FW: News release from CAL

Subject: FW: News release from CAL
From: Annabelle Herd (aherd@nla.gov.au)
Date: ti 08 kesä   1999 - 03:33:14 EEST

Dear ECUP listmembers,

I was very interested to read Mikael Book's comments
on the most recent CAL Australia press release.

This is just a quick note to let you know that
the Copyright Agency Limited / Australian publisher / Australian Copyright
Council approach to
digital copyright policy formulation has to date been
rejected in Australia.

In Australia we are currently in the process of
updating our Copyright Act and implementing the
WIPO Treaties. Through the 'Digital Agenda' copyright
reforms, the government has decided to carry
forward into the digital environment all existing
exceptions to copyright. Users of copyright material
will therefore be able to utilise new technologies in
relying on the exceptions that currently exist in the
print environment such as fair dealing and library
copying exceptions.

The Government has also formulated a ban on
commercial dealings in copy protection circumvention
devices in such a way that legitimate users (such
as libraries) should be able to obtain these devices in
order to carry out lawful acts of copying or

The legislation is expected to be introduced into
the Australian Parliament by the end of June. I am
sure we will hear more from CAL and the publishers
when that happens.

Kind regards,

The two responses to the draft legislation from the
Australian Libraries Copyright Committee are available through

A response from the Australian Digital Alliance
(a new broad based coalition of copyright consumers)
is available at http://Tony-Barry.emu.id.au/interests/library/ada.html.

Annabelle Herd
Copyright Advisor (Law and Policy)
Australian Libraries Copyright Committee
PO Box E202
Kingston ACT 2604
Ph: 02 6262 1273
Fax: 02 6273 1180
Email: aherd@nla.gov.au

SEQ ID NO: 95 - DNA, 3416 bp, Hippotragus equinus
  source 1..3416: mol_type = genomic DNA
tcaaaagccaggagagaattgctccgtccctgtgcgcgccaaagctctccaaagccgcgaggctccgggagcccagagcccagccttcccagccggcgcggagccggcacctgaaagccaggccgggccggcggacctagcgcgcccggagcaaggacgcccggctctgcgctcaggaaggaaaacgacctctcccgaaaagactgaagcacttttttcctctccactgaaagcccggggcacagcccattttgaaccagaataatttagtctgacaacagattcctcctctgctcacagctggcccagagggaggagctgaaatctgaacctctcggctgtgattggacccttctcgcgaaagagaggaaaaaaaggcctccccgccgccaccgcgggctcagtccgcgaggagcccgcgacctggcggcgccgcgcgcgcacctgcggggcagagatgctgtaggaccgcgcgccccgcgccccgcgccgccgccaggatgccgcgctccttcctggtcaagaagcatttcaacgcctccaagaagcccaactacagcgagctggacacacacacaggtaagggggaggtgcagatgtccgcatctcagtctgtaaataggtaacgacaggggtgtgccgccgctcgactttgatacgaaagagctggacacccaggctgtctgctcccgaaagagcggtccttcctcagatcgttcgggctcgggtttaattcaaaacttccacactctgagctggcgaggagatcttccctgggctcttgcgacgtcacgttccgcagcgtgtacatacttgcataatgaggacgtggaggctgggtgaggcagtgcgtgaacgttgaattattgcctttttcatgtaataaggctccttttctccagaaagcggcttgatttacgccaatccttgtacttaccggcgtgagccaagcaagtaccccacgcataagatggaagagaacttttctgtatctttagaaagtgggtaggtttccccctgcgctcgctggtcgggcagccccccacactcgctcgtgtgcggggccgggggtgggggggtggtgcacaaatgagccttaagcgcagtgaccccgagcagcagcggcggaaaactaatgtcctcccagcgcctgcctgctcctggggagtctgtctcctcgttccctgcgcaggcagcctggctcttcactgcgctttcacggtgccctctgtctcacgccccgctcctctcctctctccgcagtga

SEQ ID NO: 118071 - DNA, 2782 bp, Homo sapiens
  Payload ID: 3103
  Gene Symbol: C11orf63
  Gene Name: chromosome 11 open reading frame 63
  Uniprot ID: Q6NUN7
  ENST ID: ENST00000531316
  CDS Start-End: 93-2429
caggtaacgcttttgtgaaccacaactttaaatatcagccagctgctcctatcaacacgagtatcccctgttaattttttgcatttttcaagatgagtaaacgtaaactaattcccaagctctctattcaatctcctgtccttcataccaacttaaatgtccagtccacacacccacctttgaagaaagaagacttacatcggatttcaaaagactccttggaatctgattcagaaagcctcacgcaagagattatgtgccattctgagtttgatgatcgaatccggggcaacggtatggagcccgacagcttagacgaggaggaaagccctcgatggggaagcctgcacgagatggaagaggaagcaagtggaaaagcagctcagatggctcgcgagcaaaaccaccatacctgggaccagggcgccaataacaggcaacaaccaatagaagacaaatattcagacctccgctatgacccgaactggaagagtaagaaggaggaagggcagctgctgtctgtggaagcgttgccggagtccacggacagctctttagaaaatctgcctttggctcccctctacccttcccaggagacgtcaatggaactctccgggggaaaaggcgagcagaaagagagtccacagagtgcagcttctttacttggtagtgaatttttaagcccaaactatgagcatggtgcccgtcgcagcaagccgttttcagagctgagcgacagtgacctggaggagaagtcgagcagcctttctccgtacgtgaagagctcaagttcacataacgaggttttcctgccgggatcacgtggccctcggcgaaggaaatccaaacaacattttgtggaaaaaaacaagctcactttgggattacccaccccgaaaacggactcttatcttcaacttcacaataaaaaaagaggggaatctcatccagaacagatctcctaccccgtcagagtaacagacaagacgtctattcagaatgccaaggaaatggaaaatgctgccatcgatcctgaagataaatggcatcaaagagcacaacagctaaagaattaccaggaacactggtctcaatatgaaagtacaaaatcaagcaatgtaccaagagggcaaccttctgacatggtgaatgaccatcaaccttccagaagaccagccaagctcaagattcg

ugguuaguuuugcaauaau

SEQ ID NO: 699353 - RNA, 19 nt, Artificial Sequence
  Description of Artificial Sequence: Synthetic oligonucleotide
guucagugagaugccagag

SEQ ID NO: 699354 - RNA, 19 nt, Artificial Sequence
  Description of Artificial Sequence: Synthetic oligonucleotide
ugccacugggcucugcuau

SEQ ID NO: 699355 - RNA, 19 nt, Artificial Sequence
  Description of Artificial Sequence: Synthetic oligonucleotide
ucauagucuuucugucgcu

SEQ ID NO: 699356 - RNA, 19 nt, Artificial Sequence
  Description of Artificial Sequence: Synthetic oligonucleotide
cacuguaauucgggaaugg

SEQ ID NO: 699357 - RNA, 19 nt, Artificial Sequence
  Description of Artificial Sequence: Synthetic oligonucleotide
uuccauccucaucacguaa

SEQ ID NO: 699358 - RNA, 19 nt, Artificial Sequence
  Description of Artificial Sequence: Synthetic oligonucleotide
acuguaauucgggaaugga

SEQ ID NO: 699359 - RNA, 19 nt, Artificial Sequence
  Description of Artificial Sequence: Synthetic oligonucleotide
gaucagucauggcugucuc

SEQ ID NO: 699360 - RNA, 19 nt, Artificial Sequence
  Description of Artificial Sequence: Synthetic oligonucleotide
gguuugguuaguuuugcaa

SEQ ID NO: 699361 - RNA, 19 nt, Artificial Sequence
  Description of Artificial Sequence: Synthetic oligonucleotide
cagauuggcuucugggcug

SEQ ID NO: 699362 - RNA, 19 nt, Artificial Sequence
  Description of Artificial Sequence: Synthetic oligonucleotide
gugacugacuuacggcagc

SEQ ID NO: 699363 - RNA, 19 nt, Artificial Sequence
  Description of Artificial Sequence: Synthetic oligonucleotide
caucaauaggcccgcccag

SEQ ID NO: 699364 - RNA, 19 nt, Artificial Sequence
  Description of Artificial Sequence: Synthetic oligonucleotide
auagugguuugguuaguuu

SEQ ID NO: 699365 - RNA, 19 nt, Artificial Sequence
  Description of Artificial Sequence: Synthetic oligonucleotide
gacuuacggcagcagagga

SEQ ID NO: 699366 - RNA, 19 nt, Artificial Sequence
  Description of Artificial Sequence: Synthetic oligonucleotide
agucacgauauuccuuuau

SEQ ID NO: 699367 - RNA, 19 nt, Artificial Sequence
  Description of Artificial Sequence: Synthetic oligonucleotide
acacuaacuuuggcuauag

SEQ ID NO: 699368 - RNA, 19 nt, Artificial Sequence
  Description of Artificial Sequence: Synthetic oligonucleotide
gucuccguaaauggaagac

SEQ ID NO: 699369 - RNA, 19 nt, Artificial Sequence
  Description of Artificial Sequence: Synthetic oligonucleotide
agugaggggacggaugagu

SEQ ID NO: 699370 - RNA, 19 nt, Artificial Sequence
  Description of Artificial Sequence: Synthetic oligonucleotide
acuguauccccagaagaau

> ----------
> From: Mikael Book[SMTP:book@kaapeli.fi]
> Sent: Saturday, 5 June 1999 21:33 PM
> To: ecup-list@kaapeli.fi
> Subject: Re: News release from CAL
> OAA23276
> Sender: owner-ecup-list
> Precedence: bulk
> Reply-To: ecup-list@kaapeli.fi
> Dear ecup-list subscribers,
> the opinions which we read in the news release from the Australian
> "Copyright Agency Limited" are not at all unusual. What we have here is,
> nevertheless, an unusually straigtforward formulation of what can be
> called the militant entrepreneurial approach to information. "Digital
> transactions are all recordable and remunerable", rejoices the
> businessman, discovering a promised new land ...
> 'Transaction' is a keyword of "eCommerce". The way Mr Freeman (an
> Australian publisher) looks upon the transaction of intellectual property
> is revealing: "In my view, copyright in the digital world is effectively a
> transactional rather than an inherent property right". If this becomes
> the dominant idea of copyright (and that is precisely what seems to be
> happening), then both the authors and the public will have to look for
> their rights on the moon. The conception of Mr Freeman squarely transfers
> all rights to the the owners of the rights to exploit the digital
> transactions. These rightsowners are likely to be transnational chains
> of information resellers.
> Strikingly revealing are also the formulations by Mr McDonald (apparently
> another Australian e-commercialist):
> "It is wrong to think that material in digital form and material in
> hardcopy form will be consumed in the same way by the public",
> and
> "It is wrong to think that libraries will play the same role in
> relation to the collection and dissemination of digital material as
> they play in relation to hard-copy items such as books".
> Is not Mr McDonald very close to saying that it is wrong to think
> altogether? At least he close to fanaticism, because, what he asserts
> himself boils down to his own, highly ideological credo. What he means to
> say, actually, is that there are no economic, social and political
> alternatives. "It is wrong to think" -- so we just have to accept that
> public libraries disappear and the the act of reading itself is
> transformed into the *transaction* of reading.
> In the international "Save Access"-appeal (cf.
> http://www.kaapeli.fi/saveaccess/iad3.htm) released a year ago by the
> present writer and some friends it was stated that the
> "borders of our common informational ground are threatened by commercial
> invasion"
> What we had in mind was, precisely, the legions of Mr Freeman, Mr McDonald
> et consortes.
> Yours,
> - Mikael Book
> Mikael Book * Katto-Meny * Tallbergink 1/39 * FIN-00180 Helsinki
> book@kaapeli.fi * Phone +358-9-6947730 * Fax +358-9-27090369
> gsm 040 5511 324

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